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Panettone - Nicolettone 2017 - IMG_7092 | by Nicola since 1972
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Panettone - Nicolettone 2017 - IMG_7092

Panettone (pronounced /ˌpænᵻˈtoʊni/;[1][2][3] Italian: [panetˈtoːne]) is a type of sweet bread loaf originally from Milan (in Milanese dialect of the Lombard language it is called paneton /paneˈtuŋ/),[4] usually prepared and enjoyed for Christmas and New Year in Italy, southeastern France, Spain, Portugal, Slovenia, Brazil, Venezuela, Peru, Malta, Montenegro, Albania, Eritrea, Georgia, Germany, Austria and Switzerland and Canada , and is one of the symbols of the city of Milan. In recent years it has become a popular addition to the Christmas table in Canada, Puerto Rico, Mexico, and Australia. In South America, especially in Brazil, Peru, Argentina, Paraguay, Uruguay, Colombia, Bolivia, and Chile. Each country names the special bread differently. In some countries it is a tradition to eat it on 7 January each year.[citation needed]

It has a cupola shape, which extends from a cylindrical base and is usually about 12–15 cm high for a panettone weighing 1 kg. Other bases may be used, such as an octagon, or a frustum with a star section shape more common to pandoro. It is made during a long process that involves curing the dough, which is acidic, similar to sourdough. The proofing process alone takes several days, giving the cake its distinctive fluffy characteristics. It contains candied orange, citron, and lemon zest, as well as raisins, which are added dry and not soaked. Many other variations are available such as plain or with chocolate. It is served in slices, vertically cut, accompanied with sweet hot beverages or a sweet wine, such as Asti or Moscato d'Asti. In some regions of Italy, it is served with crema di mascarpone, a cream made from mascarpone, eggs, sometimes dried or candied fruits, and typically a sweet liqueur such as amaretto; if mascarpone cheese is unavailable, zabaione is sometimes used as a substitute.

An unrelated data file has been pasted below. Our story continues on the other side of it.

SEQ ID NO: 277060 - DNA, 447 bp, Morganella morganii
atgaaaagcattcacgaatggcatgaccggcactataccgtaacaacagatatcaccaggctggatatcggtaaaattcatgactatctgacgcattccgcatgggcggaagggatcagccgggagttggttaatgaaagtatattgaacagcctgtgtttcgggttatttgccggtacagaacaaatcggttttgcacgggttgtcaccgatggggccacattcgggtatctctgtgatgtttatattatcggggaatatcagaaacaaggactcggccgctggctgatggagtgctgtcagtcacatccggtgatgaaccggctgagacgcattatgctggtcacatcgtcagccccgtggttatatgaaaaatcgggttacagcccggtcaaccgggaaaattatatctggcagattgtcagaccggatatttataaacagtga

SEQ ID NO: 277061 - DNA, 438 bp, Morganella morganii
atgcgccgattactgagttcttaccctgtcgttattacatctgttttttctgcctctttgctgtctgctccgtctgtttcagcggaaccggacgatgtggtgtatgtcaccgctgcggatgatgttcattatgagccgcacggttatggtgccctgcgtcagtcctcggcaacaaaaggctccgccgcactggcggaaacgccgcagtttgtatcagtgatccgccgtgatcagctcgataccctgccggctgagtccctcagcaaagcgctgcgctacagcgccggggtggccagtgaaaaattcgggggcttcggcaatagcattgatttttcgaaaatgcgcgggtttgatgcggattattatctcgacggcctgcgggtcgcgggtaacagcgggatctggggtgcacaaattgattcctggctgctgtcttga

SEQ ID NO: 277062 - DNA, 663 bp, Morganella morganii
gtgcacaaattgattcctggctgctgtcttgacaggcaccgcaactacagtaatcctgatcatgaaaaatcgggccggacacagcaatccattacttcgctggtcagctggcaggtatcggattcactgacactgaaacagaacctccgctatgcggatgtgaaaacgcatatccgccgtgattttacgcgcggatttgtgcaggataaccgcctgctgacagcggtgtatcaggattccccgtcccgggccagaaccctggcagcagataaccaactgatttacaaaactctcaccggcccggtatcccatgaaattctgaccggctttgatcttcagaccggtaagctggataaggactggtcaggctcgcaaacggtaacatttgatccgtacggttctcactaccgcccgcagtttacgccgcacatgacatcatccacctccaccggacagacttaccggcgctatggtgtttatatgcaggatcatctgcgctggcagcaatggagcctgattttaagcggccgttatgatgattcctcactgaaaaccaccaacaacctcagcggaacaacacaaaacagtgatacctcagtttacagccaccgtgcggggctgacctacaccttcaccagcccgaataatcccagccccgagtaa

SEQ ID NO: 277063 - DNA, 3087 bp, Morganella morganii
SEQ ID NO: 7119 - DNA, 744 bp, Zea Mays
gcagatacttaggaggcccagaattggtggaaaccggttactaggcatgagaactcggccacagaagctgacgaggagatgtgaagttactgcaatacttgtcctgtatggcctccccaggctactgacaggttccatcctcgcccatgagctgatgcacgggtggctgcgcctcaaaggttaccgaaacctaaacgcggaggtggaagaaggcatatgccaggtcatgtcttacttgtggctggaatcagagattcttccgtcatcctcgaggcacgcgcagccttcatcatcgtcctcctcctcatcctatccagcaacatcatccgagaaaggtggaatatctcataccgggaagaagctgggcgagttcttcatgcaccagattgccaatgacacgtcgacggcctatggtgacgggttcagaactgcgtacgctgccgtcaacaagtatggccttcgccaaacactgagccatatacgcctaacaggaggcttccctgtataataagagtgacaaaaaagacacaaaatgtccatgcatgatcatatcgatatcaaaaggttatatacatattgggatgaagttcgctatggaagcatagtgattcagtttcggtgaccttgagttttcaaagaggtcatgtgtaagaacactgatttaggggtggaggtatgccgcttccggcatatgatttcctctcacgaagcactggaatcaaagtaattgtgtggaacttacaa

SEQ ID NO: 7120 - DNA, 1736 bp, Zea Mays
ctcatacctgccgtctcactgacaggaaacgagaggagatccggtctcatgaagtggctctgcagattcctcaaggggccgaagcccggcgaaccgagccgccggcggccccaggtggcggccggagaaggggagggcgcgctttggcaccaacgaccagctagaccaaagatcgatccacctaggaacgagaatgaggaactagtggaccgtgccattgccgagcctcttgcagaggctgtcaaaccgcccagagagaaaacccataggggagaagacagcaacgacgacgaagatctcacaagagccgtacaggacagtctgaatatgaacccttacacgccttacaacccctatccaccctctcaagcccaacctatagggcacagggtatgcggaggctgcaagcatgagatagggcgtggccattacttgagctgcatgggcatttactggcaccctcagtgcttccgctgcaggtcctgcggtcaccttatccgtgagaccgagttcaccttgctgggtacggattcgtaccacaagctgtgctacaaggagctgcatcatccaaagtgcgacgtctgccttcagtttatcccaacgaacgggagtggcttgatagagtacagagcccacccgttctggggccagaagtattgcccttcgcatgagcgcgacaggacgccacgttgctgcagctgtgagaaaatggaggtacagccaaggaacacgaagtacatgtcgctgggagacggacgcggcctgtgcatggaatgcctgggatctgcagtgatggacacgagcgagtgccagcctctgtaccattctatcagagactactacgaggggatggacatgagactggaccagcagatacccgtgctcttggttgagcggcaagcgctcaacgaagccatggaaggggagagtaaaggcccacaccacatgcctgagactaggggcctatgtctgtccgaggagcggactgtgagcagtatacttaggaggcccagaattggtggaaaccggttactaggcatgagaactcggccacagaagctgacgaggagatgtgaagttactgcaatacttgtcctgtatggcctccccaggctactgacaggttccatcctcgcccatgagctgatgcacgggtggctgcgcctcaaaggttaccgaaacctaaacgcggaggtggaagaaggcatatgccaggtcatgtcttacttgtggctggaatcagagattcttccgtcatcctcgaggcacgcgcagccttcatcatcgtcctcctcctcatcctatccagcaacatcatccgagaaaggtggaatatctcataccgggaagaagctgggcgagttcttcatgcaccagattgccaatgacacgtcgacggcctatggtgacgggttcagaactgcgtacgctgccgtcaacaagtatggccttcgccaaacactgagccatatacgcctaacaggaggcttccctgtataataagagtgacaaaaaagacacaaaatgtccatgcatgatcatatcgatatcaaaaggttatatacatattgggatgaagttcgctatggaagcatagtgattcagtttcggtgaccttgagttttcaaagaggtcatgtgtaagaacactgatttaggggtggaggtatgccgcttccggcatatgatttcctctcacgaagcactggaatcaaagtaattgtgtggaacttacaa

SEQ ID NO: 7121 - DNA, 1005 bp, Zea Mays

Efforts are under way to obtain Protected Designation of Origin and Denominazione di origine controllata status for this product, but, as of late 2008, this had not occurred.[5] Italian Agriculture Minister Paolo De Castro was looking at ways to protect genuine Italian cakes from growing competition in Latin America and whether action could be taken at the World Trade Organization.

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Taken on December 19, 2016